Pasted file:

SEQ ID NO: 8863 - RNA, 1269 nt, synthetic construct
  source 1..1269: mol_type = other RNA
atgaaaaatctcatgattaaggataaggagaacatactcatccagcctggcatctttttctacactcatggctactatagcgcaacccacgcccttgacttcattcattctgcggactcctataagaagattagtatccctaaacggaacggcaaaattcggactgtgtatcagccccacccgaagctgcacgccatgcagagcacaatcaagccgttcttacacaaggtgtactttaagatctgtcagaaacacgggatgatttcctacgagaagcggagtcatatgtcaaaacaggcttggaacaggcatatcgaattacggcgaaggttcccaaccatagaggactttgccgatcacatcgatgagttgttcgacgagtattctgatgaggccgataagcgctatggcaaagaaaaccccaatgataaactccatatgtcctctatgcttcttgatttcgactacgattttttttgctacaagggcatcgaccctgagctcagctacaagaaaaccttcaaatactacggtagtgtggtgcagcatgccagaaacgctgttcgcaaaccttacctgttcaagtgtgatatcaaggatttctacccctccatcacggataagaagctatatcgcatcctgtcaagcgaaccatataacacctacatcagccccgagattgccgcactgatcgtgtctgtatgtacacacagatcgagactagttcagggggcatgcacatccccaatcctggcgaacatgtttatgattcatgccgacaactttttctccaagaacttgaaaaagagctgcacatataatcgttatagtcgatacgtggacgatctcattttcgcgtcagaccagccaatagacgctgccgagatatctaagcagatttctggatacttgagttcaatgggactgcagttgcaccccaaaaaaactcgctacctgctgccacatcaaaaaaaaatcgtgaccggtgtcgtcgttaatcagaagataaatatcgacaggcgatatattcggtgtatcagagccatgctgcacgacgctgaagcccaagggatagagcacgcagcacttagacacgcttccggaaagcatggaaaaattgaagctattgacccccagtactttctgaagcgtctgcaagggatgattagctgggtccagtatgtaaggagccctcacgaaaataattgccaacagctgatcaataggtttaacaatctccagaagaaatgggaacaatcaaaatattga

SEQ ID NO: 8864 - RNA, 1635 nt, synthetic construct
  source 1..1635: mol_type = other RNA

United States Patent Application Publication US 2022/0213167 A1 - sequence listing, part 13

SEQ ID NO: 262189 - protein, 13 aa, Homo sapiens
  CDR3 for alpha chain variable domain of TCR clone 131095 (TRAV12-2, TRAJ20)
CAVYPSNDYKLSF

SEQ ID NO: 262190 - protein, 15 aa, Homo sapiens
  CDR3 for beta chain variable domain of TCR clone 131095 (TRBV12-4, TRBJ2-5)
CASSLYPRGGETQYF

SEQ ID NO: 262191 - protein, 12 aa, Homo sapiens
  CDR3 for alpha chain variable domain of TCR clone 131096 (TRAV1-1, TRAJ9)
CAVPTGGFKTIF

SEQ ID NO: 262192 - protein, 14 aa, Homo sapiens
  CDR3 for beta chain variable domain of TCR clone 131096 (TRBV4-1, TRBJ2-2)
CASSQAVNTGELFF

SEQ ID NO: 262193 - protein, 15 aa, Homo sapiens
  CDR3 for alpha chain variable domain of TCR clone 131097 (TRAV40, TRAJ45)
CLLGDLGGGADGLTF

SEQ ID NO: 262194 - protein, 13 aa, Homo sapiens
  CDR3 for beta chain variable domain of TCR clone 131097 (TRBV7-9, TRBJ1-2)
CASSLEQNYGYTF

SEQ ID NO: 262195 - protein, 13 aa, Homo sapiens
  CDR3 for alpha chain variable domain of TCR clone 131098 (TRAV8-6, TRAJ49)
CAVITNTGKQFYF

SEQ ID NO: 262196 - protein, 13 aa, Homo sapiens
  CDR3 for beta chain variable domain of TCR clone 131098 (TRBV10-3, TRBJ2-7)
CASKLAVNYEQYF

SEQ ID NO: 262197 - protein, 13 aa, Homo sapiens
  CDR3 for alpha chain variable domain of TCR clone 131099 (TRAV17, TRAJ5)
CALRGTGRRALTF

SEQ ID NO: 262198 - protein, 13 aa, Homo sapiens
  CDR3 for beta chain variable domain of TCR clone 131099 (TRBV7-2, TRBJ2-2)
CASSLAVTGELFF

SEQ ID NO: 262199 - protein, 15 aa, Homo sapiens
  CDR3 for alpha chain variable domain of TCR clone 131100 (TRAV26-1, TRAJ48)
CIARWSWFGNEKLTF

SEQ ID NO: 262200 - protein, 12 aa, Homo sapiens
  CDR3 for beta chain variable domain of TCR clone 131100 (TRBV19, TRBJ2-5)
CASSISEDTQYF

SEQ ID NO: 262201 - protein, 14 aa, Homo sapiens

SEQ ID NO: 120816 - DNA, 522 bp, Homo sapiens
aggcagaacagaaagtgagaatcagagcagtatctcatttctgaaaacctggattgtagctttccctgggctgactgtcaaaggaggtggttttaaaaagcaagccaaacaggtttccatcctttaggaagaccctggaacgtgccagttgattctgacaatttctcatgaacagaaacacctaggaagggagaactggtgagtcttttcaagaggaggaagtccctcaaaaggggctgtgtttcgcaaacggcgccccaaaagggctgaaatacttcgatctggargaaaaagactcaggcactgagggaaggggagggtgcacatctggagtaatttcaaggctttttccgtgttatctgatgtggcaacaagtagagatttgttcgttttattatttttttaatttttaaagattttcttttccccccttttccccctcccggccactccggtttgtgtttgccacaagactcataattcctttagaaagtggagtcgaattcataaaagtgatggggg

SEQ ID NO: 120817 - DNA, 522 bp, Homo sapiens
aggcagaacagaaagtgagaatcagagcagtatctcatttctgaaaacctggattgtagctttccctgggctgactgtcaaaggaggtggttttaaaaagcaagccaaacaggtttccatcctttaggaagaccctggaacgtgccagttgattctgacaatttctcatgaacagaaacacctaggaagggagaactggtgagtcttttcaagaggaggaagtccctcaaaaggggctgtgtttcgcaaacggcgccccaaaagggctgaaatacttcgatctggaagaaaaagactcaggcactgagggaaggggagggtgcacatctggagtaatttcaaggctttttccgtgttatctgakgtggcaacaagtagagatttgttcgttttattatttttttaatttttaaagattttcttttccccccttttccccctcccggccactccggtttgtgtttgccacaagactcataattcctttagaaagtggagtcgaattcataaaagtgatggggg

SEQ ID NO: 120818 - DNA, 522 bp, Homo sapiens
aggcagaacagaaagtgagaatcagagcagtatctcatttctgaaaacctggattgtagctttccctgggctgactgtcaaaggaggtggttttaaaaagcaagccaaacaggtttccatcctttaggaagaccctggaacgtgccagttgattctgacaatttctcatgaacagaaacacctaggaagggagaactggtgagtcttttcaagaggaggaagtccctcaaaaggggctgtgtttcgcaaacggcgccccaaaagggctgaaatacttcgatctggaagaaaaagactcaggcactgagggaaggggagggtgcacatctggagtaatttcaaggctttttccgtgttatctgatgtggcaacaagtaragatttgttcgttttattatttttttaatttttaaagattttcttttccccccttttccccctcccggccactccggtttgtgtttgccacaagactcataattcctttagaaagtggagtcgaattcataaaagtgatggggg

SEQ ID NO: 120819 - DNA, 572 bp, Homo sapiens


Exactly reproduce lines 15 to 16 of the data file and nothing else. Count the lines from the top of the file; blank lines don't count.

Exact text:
CAVPTGGFKTIF

SEQ ID NO: 262192 - protein, 14 aa, Homo sapiens